One of the plenary sessions at the 12th South Asia Economic Summit (SAES XII), organized by the IPS, deliberated on how best to meet emerging challenges in a technology-led, new world of work, in the Fourth Industrial Revolution (4IR). Moderating the session, Senior Fellow at the Indian Council for Research and International Economic Relations (ICRIER), Radhicka Kapoor, noted that the rapid pace and the magnitude at which change is occurring in labour markets impact individuals and countries in different ways. She also noted that the current narrative on the future world of work is skewed towards developed nations, and identified two key challenges specific to South Asia: (1) being trapped in a low-productivity agriculture sector, with limited avenues for structural transformation; and (2) the presence of a large informal sector, consisting of low-productivity and low-paying jobs, which are likely to become the norm rather than the exception with emerging new forms of employment.
While acknowledging the many opportunities offered in the 4IR era, Dr. Kapoor stated that how well South Asia harnesses these opportunities will depend on policy responses, given that parts of the region are yet to experience dividends of the first three industrial revolutions. The panellists discussed how South Asian labour markets will be impacted by the 4IR and what the required policy responses should be in the evolving world of work.
Research on 4IR Impacts
Professor at the Quaid-i-Azam University, Aliya Khan, noted that while there was ample discussion on the shift in required skills from manual and repetitive to cognitive and socio-behavioural ones, the discourse should focus on how the impacts of 4IR will actually change the dynamics of the labour market and which specific sectors would be affected the most. In this context, she highlighted the need to analyse technology absorption potential for each country and for research that quantifies possible impacts of job creation and losses. She further lamented that none of the South Asian countries has comprehensive policy documents geared towards addressing challenges in the future world of work.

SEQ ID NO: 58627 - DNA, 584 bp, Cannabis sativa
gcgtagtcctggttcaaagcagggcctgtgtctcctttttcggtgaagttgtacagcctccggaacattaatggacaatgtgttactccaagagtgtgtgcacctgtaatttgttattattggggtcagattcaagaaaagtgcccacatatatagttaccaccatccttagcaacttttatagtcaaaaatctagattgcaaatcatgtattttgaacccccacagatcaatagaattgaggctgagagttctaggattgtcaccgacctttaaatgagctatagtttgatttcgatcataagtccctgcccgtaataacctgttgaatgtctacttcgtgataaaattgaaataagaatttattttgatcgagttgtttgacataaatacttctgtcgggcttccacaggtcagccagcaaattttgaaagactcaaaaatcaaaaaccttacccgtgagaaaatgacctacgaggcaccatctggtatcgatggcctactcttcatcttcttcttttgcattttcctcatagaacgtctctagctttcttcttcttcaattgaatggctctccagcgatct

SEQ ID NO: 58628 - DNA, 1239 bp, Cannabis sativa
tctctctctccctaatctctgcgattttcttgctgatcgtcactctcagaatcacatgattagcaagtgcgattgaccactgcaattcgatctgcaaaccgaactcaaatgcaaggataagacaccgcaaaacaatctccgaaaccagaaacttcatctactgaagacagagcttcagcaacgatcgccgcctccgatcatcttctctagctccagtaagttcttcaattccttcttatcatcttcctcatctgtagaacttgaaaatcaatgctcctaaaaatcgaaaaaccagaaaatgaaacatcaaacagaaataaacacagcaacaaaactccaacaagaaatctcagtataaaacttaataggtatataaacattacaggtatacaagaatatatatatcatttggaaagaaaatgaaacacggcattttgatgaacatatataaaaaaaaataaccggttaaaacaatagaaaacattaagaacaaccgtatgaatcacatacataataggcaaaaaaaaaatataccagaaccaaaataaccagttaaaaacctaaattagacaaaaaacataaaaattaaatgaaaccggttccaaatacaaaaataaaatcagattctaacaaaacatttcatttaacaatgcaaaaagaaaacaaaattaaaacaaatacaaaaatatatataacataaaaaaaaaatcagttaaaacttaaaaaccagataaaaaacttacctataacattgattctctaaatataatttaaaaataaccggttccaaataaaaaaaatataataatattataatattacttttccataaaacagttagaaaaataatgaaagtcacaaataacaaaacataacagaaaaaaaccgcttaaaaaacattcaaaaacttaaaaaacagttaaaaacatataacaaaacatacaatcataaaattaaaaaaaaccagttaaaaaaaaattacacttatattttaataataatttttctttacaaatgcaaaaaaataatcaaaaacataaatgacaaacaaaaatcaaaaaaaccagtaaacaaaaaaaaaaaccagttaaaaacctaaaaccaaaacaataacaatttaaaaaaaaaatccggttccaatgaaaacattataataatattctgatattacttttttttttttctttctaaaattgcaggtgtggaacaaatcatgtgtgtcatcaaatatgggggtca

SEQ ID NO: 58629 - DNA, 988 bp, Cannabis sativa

Regional Economic Advisor of the Asian Development Bank’s (ADB) South Asia Department, Lei Lei Song, also advocated for analysing the capability to absorb technology to figure out where each country stands. Differentiating between product and process innovation, the former which is labour augmenting and the latter labour saving, Dr. Song said that distinguishing between the two will help countries best use each technology to their advantage.
Chairman of the South Asia Watch on Trade, Economics and Environment (SAWTEE), Posh Raj Pandey, opined that given the cost of replacing individuals with technology, a more practical threat of the 4IR for the region could be the rising discrimination against specific population groups and polarisation in terms of job distribution – as opposed to mere job losses. He also drew attention to the increasing disconnect between economic growth and employment creation, where rising levels of capital contribution, combined with declining levels of labour contribution, leads to widening inequalities. He noted that maximising employment, instead of economic growth, should be placed at centerstage and advocated for a sound digital industrial policy to which public finances should be aligned.